We bought this house with great potential (Doesn't everyone say that?) Anyway it's a renovators delight and the fun will keep going on and on until my kids get sick of watching - "Are We Done Yet".
This is the latest design issue. In the rear yard is a concrete pool (Empty and damaged) in the corner amongst the landscaping rocks and 80's palm trees, the previous owners left a patch of soil, which appears to have no design element involved. In fact when we viewed the place prior to submitting an offer to purchase the owners had two white PVC chairs sitting there. I know what you're thinking, what good are they?
Here's the main design problem. I wanted to use a standard double sized mattress in the construction, so when it's ruined by the sun and my kids jumping all over the thing, I can easily replace it plus a double mattress will be bigger than most day beds offering plenty of pool side comfort. As you can see in the image above the trick is to position the frame in between the landscaping rocks and somehow under the existing palm tree and close to the pool edge. The answer was to raise the day bed and cantilever it over the pool edge, Simple! yeah right.
The design brief also required a roof, not any roof mind you, it also had to be waterproof and offer shade from the midday sun. For this project I used treated radiata pine timbers. This timber is easy to work with and resistant to pests and rot.
In order to cantilever the bed over the pool, most of the weight had to be to the rear of the design, plus the rear two posts had to have increased weight in the footings. This was achieved by digging oversize pits and pouring in three wheelbarrow loads of concrete around each rear post.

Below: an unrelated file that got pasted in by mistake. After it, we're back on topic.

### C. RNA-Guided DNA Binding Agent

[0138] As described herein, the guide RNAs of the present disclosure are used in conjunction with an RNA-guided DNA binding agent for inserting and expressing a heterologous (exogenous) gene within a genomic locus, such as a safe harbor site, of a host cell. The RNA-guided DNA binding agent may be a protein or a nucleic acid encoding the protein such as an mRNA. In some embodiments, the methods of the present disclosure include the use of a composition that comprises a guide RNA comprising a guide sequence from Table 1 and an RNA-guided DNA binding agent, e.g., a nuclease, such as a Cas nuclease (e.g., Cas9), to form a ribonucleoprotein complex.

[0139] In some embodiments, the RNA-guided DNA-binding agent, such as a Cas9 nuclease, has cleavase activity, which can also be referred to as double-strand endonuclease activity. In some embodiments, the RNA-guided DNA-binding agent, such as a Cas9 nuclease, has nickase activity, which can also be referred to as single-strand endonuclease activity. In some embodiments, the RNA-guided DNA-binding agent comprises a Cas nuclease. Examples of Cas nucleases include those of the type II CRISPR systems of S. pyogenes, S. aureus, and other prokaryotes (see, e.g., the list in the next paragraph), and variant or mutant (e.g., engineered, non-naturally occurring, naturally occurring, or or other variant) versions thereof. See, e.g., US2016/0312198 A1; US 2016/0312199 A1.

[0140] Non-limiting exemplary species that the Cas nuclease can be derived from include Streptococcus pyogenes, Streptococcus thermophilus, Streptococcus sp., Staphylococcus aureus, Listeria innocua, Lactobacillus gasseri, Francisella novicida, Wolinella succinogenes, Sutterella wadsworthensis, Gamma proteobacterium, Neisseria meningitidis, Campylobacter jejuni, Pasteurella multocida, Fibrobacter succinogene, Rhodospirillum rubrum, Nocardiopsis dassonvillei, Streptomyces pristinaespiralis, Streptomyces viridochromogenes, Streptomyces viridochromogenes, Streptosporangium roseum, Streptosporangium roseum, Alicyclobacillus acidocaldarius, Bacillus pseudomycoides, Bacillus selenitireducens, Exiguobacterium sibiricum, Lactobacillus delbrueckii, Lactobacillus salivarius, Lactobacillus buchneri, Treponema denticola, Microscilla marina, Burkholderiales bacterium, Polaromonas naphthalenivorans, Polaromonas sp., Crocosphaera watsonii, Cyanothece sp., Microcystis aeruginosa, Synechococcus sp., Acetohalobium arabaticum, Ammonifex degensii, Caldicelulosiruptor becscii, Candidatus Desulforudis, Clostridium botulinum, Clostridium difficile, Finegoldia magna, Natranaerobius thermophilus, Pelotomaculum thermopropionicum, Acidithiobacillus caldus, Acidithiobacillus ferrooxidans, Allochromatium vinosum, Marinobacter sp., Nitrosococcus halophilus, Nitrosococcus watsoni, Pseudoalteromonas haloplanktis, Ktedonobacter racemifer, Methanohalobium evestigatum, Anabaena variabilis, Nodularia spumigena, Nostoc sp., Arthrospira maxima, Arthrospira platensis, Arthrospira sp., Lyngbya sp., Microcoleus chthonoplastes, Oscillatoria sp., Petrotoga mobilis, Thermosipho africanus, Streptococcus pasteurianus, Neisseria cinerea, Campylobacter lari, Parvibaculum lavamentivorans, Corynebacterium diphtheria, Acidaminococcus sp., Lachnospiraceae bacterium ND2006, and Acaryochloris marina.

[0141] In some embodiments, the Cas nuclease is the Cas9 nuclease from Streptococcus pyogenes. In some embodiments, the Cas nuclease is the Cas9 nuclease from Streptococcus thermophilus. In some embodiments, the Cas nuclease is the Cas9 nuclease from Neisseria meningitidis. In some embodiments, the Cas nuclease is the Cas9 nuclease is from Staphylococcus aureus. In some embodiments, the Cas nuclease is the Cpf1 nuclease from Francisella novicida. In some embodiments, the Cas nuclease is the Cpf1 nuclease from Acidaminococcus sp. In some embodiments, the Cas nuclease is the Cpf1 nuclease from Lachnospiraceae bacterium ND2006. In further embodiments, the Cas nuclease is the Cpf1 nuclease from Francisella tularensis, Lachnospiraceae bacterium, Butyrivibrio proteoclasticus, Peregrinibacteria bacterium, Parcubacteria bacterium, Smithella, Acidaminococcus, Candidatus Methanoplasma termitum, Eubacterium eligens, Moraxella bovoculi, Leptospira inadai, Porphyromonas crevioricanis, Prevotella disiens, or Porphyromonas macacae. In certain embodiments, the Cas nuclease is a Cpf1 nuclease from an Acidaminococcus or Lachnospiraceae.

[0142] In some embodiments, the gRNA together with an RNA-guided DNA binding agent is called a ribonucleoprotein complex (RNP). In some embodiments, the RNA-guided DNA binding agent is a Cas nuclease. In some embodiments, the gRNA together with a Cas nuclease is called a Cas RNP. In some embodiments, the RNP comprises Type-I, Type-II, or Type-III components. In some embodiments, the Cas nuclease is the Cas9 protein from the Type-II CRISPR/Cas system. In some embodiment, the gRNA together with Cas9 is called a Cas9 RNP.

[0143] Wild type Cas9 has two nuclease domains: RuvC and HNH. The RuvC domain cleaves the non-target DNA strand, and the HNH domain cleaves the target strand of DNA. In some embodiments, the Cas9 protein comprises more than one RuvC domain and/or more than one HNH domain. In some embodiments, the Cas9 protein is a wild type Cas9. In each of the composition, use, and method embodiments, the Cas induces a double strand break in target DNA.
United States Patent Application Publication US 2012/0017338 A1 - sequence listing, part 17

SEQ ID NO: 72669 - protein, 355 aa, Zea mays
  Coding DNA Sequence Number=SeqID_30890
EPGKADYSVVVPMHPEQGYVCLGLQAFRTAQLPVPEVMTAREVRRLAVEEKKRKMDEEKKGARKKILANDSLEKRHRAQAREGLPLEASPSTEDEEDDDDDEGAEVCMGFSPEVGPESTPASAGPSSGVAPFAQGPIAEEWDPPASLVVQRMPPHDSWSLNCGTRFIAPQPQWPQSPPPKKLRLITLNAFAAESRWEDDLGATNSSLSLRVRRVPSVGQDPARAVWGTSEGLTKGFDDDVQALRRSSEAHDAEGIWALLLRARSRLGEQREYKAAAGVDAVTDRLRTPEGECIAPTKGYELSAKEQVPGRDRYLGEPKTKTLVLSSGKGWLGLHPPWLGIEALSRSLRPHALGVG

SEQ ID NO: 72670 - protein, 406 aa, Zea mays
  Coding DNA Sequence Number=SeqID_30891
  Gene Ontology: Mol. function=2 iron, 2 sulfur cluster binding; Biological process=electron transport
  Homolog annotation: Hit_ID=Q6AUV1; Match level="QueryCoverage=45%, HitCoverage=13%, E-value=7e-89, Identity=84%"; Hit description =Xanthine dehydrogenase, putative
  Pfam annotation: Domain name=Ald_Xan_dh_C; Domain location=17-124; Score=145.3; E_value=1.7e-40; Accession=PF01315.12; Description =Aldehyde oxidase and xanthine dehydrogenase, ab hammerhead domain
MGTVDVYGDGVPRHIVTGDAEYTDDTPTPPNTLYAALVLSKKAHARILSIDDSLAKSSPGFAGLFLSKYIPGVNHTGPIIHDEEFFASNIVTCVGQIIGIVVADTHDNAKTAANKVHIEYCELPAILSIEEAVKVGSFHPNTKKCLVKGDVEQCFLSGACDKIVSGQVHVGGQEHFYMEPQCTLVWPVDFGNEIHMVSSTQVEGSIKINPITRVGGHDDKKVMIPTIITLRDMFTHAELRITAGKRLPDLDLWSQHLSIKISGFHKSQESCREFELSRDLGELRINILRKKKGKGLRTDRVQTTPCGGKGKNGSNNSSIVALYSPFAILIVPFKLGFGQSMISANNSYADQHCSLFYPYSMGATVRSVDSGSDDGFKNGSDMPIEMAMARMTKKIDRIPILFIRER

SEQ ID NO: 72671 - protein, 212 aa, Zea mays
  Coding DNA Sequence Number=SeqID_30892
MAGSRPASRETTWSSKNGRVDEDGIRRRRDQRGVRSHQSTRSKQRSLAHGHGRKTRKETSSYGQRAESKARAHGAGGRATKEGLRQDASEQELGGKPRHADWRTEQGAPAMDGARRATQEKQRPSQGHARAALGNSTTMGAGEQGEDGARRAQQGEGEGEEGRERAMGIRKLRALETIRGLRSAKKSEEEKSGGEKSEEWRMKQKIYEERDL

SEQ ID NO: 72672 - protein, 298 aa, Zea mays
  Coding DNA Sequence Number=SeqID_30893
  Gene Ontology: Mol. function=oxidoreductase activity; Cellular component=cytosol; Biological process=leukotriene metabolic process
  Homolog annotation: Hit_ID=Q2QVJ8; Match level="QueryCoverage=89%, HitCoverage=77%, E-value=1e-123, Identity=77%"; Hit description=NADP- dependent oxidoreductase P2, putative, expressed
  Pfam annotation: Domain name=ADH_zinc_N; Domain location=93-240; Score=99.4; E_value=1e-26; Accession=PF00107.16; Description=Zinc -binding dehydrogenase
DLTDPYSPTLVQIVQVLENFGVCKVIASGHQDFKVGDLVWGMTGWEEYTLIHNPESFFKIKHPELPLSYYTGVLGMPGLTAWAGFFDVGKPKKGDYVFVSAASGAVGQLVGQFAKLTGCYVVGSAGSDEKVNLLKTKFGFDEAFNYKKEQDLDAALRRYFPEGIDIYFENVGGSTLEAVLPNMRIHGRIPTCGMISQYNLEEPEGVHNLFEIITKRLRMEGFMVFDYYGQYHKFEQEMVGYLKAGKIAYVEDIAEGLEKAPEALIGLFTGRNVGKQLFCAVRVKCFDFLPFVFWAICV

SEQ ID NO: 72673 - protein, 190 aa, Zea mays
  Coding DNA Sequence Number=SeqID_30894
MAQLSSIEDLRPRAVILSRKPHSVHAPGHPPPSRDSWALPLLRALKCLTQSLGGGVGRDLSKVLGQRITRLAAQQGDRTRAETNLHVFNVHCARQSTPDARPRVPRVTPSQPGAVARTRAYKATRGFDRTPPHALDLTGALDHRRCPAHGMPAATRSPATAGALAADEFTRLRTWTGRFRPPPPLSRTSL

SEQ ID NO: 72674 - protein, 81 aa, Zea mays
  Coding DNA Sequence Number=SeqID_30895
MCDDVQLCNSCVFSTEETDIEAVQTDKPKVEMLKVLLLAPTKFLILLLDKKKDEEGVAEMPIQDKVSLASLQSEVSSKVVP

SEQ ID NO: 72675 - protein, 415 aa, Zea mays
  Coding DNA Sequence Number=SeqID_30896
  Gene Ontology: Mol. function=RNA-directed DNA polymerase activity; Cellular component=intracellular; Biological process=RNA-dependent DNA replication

All care was taken in the construction to ensure the surrounding trees, shrubs and plants were not disturbed or damaged. This would allow the day bed to fit in nicely amongst the green when completed. Once the base timbers were in place the next obstacle was to position the roof frame, once again without damaging plants (Or my wife would kill me!).
The design also meant the roof was supported by four posts extended past the base line with no diagonals or struts in place. To straighten any lean on the whole structure and to pull the frame into square prior to fitting the roof, I used car straps. The straps worked a treat, but be careful where you place the hooks to ensure they don't fly off under load.
Once the frame was square and secure, the next step was to fit the roof sheeting and stain the timber to give it that Balinese Island appeal. After staining, the base timbers were screwed into position. Each piece was secured, knowing the kids would end up using this day bed as a launching platform into the pool. Finally I used bamboo sheeting to cover in three sides to offer privacy and limited wind protection.
With all construction completed the next phase was too add some colour and comfort with cushions thrown in - courtesy of my wife.
Do you want to give this a go, or try your hand at designing something bespoke for your piece of paradise - try this fantastic e-Book to help you on your way. I'm not a carpenter by trade, I learnt my skills from asking questions and reading the right books. This is one book I recommend............